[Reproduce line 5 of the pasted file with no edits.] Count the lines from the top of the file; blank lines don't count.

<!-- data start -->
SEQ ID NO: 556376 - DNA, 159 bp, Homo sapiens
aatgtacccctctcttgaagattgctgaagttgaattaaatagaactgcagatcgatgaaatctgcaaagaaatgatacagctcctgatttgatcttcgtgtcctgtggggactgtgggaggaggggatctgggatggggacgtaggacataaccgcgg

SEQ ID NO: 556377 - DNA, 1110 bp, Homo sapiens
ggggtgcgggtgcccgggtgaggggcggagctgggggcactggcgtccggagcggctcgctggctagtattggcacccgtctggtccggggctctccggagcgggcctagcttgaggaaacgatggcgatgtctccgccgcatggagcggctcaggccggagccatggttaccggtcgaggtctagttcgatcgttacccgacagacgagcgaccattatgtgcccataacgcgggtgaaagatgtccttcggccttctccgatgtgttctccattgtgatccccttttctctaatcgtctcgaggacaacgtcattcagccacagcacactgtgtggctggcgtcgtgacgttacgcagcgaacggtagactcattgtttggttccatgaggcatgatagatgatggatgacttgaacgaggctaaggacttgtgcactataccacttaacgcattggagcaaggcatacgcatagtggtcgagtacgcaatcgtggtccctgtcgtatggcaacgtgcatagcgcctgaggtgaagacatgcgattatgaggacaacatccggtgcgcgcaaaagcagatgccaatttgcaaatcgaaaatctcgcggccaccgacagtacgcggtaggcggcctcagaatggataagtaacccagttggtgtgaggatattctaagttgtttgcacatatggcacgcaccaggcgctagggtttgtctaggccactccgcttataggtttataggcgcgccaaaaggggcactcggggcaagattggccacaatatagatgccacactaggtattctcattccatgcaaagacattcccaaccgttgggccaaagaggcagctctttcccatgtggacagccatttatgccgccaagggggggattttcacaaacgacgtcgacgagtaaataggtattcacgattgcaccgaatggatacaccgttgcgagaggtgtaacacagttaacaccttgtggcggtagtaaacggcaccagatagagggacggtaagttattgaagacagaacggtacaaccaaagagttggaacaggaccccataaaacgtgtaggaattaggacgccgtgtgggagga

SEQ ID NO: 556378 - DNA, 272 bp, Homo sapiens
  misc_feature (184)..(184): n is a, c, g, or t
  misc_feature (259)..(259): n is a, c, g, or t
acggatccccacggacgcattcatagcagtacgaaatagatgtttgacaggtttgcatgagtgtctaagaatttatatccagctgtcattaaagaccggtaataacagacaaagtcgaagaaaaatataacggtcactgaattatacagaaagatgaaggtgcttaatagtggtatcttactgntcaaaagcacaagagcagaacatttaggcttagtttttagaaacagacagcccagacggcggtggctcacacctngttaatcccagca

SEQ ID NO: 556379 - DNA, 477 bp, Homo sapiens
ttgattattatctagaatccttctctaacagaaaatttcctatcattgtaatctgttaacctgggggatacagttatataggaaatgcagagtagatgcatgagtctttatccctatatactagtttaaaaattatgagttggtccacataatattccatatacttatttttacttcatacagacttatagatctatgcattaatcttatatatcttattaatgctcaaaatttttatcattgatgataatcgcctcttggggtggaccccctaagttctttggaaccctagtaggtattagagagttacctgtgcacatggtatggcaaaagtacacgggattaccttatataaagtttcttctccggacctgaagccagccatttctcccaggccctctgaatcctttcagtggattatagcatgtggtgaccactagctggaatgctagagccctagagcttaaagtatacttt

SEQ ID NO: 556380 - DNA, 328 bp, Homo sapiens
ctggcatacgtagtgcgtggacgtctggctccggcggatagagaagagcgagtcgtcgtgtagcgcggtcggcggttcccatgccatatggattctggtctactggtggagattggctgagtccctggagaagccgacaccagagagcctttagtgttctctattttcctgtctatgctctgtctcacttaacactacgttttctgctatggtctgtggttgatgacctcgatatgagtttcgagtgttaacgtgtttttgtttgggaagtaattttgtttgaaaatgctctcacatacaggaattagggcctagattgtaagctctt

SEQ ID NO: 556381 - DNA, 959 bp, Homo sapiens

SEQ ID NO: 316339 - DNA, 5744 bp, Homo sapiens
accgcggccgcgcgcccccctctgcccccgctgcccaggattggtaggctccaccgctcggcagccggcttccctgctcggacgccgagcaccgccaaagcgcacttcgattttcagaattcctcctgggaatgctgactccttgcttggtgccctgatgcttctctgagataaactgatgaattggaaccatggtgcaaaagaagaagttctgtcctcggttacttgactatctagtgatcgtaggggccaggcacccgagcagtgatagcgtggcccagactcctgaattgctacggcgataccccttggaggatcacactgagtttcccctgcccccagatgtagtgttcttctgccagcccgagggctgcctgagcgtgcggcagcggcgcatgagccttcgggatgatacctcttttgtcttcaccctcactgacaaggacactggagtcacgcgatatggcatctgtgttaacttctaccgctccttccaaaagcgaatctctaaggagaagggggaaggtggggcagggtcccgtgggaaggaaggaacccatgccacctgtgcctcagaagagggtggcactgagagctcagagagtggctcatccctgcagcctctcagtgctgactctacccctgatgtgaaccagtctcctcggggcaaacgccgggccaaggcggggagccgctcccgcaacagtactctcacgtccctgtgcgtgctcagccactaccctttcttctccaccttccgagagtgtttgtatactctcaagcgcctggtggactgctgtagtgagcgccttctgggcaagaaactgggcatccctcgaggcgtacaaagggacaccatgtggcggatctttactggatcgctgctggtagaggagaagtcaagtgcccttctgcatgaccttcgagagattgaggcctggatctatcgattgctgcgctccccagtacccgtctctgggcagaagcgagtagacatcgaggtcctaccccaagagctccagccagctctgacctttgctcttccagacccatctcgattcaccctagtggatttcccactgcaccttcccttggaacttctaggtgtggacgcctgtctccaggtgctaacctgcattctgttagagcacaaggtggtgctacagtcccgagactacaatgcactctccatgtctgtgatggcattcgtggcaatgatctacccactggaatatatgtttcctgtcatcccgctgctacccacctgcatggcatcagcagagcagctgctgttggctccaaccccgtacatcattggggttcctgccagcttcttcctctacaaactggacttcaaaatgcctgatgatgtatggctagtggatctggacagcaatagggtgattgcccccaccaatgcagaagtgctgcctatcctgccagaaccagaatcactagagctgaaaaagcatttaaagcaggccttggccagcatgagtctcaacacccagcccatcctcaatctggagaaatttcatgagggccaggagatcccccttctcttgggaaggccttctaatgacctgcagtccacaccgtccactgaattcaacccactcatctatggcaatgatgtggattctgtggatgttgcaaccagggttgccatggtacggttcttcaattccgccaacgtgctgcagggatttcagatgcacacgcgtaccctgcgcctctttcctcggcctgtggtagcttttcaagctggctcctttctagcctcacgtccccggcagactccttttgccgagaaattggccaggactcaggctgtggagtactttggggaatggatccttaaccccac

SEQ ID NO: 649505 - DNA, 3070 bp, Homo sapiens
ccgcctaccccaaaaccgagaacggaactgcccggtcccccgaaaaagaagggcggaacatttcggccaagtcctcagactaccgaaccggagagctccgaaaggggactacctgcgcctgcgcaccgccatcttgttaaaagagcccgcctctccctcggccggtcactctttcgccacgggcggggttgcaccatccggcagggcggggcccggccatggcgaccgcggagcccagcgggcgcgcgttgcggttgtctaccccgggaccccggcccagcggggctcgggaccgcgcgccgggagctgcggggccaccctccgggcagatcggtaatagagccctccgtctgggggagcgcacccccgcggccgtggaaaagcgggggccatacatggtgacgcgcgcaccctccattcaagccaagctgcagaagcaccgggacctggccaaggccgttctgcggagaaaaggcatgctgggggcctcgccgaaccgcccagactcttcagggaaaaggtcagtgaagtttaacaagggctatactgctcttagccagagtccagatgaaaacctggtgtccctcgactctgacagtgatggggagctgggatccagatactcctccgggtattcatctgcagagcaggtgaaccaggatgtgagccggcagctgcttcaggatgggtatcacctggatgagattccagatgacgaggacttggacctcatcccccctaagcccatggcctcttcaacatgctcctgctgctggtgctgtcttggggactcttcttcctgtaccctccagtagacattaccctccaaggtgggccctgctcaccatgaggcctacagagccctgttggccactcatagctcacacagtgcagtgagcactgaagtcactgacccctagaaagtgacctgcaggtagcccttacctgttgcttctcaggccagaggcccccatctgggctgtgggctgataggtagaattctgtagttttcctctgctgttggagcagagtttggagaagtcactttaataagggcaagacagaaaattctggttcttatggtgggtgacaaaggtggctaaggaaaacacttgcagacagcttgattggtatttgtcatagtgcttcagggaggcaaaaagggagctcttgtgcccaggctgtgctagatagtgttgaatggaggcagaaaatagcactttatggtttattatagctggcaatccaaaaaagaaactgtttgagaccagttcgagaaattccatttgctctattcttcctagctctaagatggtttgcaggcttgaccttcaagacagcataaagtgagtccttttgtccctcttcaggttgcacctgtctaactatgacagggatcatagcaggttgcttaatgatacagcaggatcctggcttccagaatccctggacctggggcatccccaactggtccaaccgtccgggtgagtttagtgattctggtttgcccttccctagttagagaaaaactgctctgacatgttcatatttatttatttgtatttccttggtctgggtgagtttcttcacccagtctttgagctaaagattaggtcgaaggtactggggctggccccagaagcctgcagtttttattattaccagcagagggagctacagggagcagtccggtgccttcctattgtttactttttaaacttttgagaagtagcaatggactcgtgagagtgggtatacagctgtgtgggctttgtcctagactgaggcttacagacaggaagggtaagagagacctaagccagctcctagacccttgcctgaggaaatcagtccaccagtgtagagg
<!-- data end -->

SEQ ID NO: 556378 - DNA, 272 bp, Homo sapiens